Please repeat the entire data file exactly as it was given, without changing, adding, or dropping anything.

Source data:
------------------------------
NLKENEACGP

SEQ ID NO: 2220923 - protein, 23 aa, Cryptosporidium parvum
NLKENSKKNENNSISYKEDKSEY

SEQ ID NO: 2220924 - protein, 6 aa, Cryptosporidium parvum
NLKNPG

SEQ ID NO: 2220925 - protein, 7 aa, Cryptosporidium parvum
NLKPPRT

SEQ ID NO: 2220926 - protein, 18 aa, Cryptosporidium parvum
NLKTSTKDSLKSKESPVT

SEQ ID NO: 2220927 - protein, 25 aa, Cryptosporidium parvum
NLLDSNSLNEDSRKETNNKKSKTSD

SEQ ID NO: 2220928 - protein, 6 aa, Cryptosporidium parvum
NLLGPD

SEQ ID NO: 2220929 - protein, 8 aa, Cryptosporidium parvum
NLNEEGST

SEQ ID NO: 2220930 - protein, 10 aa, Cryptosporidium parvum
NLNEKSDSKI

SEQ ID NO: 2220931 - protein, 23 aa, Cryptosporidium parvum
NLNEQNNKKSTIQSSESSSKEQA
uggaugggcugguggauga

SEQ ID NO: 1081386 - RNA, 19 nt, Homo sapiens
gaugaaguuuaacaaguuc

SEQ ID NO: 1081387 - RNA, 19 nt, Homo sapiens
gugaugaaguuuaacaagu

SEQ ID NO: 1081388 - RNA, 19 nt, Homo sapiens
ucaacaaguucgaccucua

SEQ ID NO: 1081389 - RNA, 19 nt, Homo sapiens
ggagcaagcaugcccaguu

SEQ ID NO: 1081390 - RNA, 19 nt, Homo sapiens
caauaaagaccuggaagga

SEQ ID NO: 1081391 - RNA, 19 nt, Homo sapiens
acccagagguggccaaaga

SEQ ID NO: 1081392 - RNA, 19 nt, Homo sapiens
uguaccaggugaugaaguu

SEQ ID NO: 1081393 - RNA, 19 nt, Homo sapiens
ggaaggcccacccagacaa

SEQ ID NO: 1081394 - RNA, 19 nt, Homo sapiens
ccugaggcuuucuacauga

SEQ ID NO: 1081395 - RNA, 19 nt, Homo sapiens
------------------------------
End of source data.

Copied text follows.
NLKENEACGP

SEQ ID NO: 2220923 - protein, 23 aa, Cryptosporidium parvum
NLKENSKKNENNSISYKEDKSEY

SEQ ID NO: 2220924 - protein, 6 aa, Cryptosporidium parvum
NLKNPG

SEQ ID NO: 2220925 - protein, 7 aa, Cryptosporidium parvum
NLKPPRT

SEQ ID NO: 2220926 - protein, 18 aa, Cryptosporidium parvum
NLKTSTKDSLKSKESPVT

SEQ ID NO: 2220927 - protein, 25 aa, Cryptosporidium parvum
NLLDSNSLNEDSRKETNNKKSKTSD

SEQ ID NO: 2220928 - protein, 6 aa, Cryptosporidium parvum
NLLGPD

SEQ ID NO: 2220929 - protein, 8 aa, Cryptosporidium parvum
NLNEEGST

SEQ ID NO: 2220930 - protein, 10 aa, Cryptosporidium parvum
NLNEKSDSKI

SEQ ID NO: 2220931 - protein, 23 aa, Cryptosporidium parvum
NLNEQNNKKSTIQSSESSSKEQA
uggaugggcugguggauga

SEQ ID NO: 1081386 - RNA, 19 nt, Homo sapiens
gaugaaguuuaacaaguuc

SEQ ID NO: 1081387 - RNA, 19 nt, Homo sapiens
gugaugaaguuuaacaagu

SEQ ID NO: 1081388 - RNA, 19 nt, Homo sapiens
ucaacaaguucgaccucua

SEQ ID NO: 1081389 - RNA, 19 nt, Homo sapiens
ggagcaagcaugcccaguu

SEQ ID NO: 1081390 - RNA, 19 nt, Homo sapiens
caauaaagaccuggaagga

SEQ ID NO: 1081391 - RNA, 19 nt, Homo sapiens
acccagagguggccaaaga

SEQ ID NO: 1081392 - RNA, 19 nt, Homo sapiens
uguaccaggugaugaaguu

SEQ ID NO: 1081393 - RNA, 19 nt, Homo sapiens
ggaaggcccacccagacaa

SEQ ID NO: 1081394 - RNA, 19 nt, Homo sapiens
ccugaggcuuucuacauga

SEQ ID NO: 1081395 - RNA, 19 nt, Homo sapiens